Although preferred embodiments of the invention are herein described, it is understood that various changes and modifications in the illustrated and described structure can be affected without departure from the basic principles that underlie the invention. Changes and modifications of this type are therefore deemed to be circumscribed by the spirit and scope of the invention, except as the same may be necessarily modified by the appended claims or reasonable equivalents thereof.
The above objects have been achieved through the development of a method to splice fibrous mats using heat. The fibrous mats of the present invention may be any that is suitable for use in the manufacture pultruded parts. The fibrous mat may be constructed of any fibrous material consisting of randomly oriented chopped filaments, short fibers, or swirled filaments held together with a binder. Typical mats used in pultrusion processes are constructed of sized glass fibers, a coupling agent and a binder. The fibrous mat can be formed by a variety of processes, including air-laid and wet-laid processes. A suitable fibrous mat for use in the present invention is disclosed in PCT International Publication Number PCT/US95/06744 which is hereby incorporated by reference. Other suitable fibrous mats include the following: OWENS CORNING products such as M8643, M8610, M8630, M8660, M8636, CD185, XDDBM3205, XDDB400, XDDB4008, and stitched mats such as NM0110, NM0115, NM0120 produced in Huntingdon, Pa. and Battice, Belgium, and Guelph, Ontario; VETROTEX products such as U528, U509, U813, U816, U850, U750, T700 and T800 series and S700 series, all produced in Besana, Italy; HOLLINEE (NICOFIBERS) products such as N751, N720, N764, and N720W and in general all N700 series produced in East Kilbride, Scotland and Shawnee, Okla.; SUPERIOR FIBERGLASS products such as 941, 910 (all 900 series) produced in Brenan, Ohio.; ASAHI products such as 8624, 8609 produced in Ibaraki, Japan.
Preferably, the fibrous mat is used to form a pultruded product through a conventional pultrusion process. Typically, one or more layers of roving, one or more layers of a veil, and a resin are used in forming a pultruded product. Layers or roving provide the pultruded product with strength and structural support. Rovings may be made from glass, graphite, boron or polyaramid fibers. Veil layers are used to provide an exterior layer which encases the glass fiber mats. Each veil layer comprises a fabric formed from glass or a thermoplastic material, such as polyester.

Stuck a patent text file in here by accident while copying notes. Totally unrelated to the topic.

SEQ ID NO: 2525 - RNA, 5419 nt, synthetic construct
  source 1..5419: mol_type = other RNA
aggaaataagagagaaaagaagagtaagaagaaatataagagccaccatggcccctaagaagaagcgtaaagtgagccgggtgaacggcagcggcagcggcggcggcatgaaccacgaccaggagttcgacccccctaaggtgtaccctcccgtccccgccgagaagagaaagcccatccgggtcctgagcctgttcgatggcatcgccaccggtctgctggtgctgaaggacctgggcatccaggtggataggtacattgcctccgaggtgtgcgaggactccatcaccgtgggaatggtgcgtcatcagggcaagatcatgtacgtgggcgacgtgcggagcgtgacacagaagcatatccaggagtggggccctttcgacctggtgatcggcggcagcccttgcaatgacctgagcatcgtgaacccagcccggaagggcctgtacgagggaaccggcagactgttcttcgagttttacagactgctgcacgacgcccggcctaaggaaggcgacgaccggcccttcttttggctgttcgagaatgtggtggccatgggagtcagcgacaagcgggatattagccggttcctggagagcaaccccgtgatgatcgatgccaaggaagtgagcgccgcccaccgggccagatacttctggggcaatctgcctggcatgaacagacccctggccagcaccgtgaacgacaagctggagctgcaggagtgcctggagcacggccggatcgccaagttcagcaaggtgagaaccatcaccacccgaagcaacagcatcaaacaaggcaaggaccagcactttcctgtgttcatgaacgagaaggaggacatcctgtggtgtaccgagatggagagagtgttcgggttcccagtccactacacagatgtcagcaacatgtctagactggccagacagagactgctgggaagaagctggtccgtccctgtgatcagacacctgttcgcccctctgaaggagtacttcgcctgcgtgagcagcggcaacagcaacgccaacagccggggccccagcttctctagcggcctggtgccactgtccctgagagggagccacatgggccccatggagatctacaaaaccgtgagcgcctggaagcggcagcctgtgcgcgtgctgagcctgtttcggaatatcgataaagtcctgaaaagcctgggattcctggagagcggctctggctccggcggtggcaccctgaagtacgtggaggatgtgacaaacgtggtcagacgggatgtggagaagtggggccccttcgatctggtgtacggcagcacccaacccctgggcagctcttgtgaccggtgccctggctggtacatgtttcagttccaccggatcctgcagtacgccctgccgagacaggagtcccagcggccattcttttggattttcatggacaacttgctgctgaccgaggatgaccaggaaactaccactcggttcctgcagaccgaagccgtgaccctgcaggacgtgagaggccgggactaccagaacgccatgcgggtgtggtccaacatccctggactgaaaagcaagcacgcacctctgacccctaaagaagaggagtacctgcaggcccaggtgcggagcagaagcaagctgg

Fibrous mats are available in blankets of various widths, weights and lengths and are manufactured by various processes known in the art including, but not limited to, wet-forming, and dry-forming processes.
A preferred embodiment of the present invention is shown in FIG. 1. Fibrous mat 2 is separated at the trailing edge 9 into two even layers, 8, 10. The mat may be separated by hand or by mechanical means, i.e., a motorized clamping means. The length of separation of the layers 8, 10 of fibrous mat 2 may be any length sufficient to contain the leading edge 7 of fibrous mat 4, preferably this length is typically between about 4 to about 8 inches and most preferably about 6 inches.
As shown in FIGS. 1 and 4, the leading edge 7 of fibrous mat 4 includes an adhesive 6. The leading edge 7 of fibrous mat 4, containing the adhesive 6, is inserted between the layers 8, 10 of the trailing edge 9 of fibrous mat 2. The adhesive may be any heat-sensitive adhesive which, when heated, melts and bonds the leading edge 7 of fibrous mat 4 between the layers 8, 10 of the trailing edge 9 of fibrous mat 2. Preferably, a 100% polyamide heat-sensitive material, produced as a fabric or tapes, is used as the adhesive. Some preferable adhesives include TRANS-WEB produced by Handler Textile Corporation in Moonachie, N.J. and STICK WITCHERY produced by the Prym-Dritz Corporation in Spartanburg, S.C. The adhesive may be affixed on one, or both, sides of the leading edge 7 of the mat 4. Alternatively, the adhesive may be affixed to one or both layers 8, 10 of the trailing edge 9 of the fibrous mat 2 on the sides of the layer(s) where the leading edge 7 of the fibrous mat 4 is received (not shown). Preferably, as shown in FIG. 2, the adhesive is applied as a strip along a portion of the length of the leading edge 7 of the mat 4. However, the adhesive may be applied over the entire leading edge or in various areas on the leading edge, i.e., in a pattern. This method of adhesive application can apply to the trailing edges as well (discussed above).
After insertion of the leading edge 7 between the layers 8, 10, heat, designated by “H”, is applied to the adhesive-containing, overlapped area 6, as shown in FIG. 5. As heat is applied, the mats are held together by a clamping means (not shown) or by the user's hands (not shown). Heat is applied using any conventional heating apparatus sufficient to melt the adhesive and splice the mats, including, but not limited to, an electrically heated rod, a heated air gun, or a heated iron.